Weird Wedding Customs and Superstitions
When getting married a bride has so much to consider. She must find the perfect gown, the perfect location, and the perfect flowers. She spends months planning and making all the necessary arrangements and when the big day arrives, she’s ready. Or is she? Here’s a collection of unusual, and sometimes humorous, traditional wedding precautions for the bride who wants to make sure she’s thought of everything (and isn’t taking any chances).
Advice for Picking the Date, Oh, and the Weather
In his Almanack for the year 1655, Andrew Waterman, a mariner, made a list of days “whereon it is good to marry, or contract a Wife, for then Women will be fond and loving.”
According to Waterman, grooms had anywhere between five and six days a month when his bride would be even remotely tolerable enough to marry. Rumor has it that Mrs. Waterman caught wind of the list, confiscated it, and then decreed that from that day on, no man would be left to his own devices to plan a wedding, or make any lists.
According to traditional wisdom, the weather is one of the biggest indicators of marital bliss, or misery.
You will shed a tear for each raindrop that falls on your wedding day, and thunder during your wedding signifies unhappiness in your married life.
Wait, thinking of postponing due to rain? Think again.
The postponement of a wedding is an almost certain sign that either the bride or groom will die within a short space of time – a year or two – so that when a date is once decided upon for the marriage, the ceremony must be performed, no matter what the weather conditions may be.
It would seem the only way to safeguard against these tragedies is to hold the wedding in a place where the weather cannot possibly affect it. Perhaps on the space shuttle, or in a soundproof, waterproof barracks located several miles below the earth’s surface. Be prepared to pay extra for the caterer’s travel expenses.
The Big Day
Of course the bride and her attendants will want to make sure that everything goes perfectly on her wedding day. If you follow this early American advice, you’ll have to be sure to come prepared.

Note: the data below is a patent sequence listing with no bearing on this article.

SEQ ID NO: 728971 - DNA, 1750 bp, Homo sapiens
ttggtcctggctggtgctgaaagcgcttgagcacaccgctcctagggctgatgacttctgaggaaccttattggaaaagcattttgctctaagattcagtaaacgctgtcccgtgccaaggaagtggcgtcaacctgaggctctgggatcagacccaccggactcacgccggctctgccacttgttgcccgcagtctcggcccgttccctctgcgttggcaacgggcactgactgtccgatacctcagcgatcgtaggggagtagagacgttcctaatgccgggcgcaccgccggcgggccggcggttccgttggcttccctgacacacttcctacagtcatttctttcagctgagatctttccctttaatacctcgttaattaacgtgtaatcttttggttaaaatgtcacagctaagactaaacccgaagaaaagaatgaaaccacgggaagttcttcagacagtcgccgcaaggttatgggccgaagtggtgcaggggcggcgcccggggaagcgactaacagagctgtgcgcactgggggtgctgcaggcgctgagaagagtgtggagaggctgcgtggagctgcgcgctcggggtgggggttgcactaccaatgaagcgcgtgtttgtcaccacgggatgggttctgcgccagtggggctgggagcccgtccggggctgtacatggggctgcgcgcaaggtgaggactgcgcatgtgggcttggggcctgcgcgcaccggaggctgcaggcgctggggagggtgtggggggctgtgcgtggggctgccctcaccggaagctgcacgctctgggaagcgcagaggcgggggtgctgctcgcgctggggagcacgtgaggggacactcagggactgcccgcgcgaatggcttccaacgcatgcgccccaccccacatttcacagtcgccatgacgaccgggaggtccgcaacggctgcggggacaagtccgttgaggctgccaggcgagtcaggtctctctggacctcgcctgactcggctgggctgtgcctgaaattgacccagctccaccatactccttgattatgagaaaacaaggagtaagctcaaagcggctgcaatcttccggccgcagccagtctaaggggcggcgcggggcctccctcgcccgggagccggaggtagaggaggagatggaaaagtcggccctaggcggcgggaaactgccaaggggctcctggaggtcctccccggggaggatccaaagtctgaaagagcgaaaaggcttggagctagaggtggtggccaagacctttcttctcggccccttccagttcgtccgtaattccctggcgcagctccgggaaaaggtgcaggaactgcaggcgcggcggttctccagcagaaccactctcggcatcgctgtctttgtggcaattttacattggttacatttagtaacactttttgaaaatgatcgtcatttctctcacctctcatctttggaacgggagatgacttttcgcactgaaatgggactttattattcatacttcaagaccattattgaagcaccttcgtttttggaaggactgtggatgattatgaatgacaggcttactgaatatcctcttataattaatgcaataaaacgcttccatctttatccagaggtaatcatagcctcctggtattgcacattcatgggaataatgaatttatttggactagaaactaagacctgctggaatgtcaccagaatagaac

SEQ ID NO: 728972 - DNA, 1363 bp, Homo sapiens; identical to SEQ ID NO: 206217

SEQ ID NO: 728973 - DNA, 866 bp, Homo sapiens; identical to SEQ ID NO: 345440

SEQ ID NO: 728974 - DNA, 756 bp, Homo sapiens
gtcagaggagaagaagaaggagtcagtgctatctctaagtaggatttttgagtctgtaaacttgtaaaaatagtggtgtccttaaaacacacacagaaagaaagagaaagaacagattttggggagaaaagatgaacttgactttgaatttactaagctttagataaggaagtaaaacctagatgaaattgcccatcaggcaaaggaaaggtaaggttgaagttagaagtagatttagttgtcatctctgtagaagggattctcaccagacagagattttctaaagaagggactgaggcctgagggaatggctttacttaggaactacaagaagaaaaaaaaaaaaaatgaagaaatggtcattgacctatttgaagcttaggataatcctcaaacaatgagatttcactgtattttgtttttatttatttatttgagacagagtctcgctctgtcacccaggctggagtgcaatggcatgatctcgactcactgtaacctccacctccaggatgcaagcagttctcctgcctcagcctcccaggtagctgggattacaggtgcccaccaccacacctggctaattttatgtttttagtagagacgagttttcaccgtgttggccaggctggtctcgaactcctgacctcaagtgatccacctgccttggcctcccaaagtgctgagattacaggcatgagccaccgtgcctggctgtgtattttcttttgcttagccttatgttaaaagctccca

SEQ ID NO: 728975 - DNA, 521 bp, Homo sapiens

It is unlucky if a bride does not weep bitterly on her wedding day. She takes it by tradition from her Fellow-Gossips, that she must weep shoures upon her Marriage Day: though by the vertue of mustarde and onyons, if she cannot naturally bring them forth.
A bride’s thoughtful “Fellow-Gossips” might bring mustarde and onyons for her to tuck inside her bouquet so she’ll surely cry buckets. An especially sweet Fellow-Gossip-of-Honor might even consider using pepper spray. Just remember that the goal is to make the bride completely miserable.
And Last, But Certainly Not Least, the Happily Ever After
The first one to go to sleep on the wedding night will be the first to die.
The first one who drinks a glass of water after the ceremony will rule.
Whatever you do, don’t get these two mixed up.
Worried about the possibility of future infidelities? Here’s the trick:
The fur of a cat blowing the wrong way means that your husband is looking favorably at another woman. This may be counteracted by greasing the fur.
That and the fact that when he walks into the room to find his wife frantically greasing the cat, he’ll know exactly what level of crazy she’s capable of.
On the morning following the wedding, the bride has the privilege of asking the husband for any sum of money or piece of property that she pleases. The husband is honor bound to give it to her.
At last, here’s the lucky bride’s chance to finally be Queen of Paris. After all, if everyone has survived the wedding to this point, she deserves it.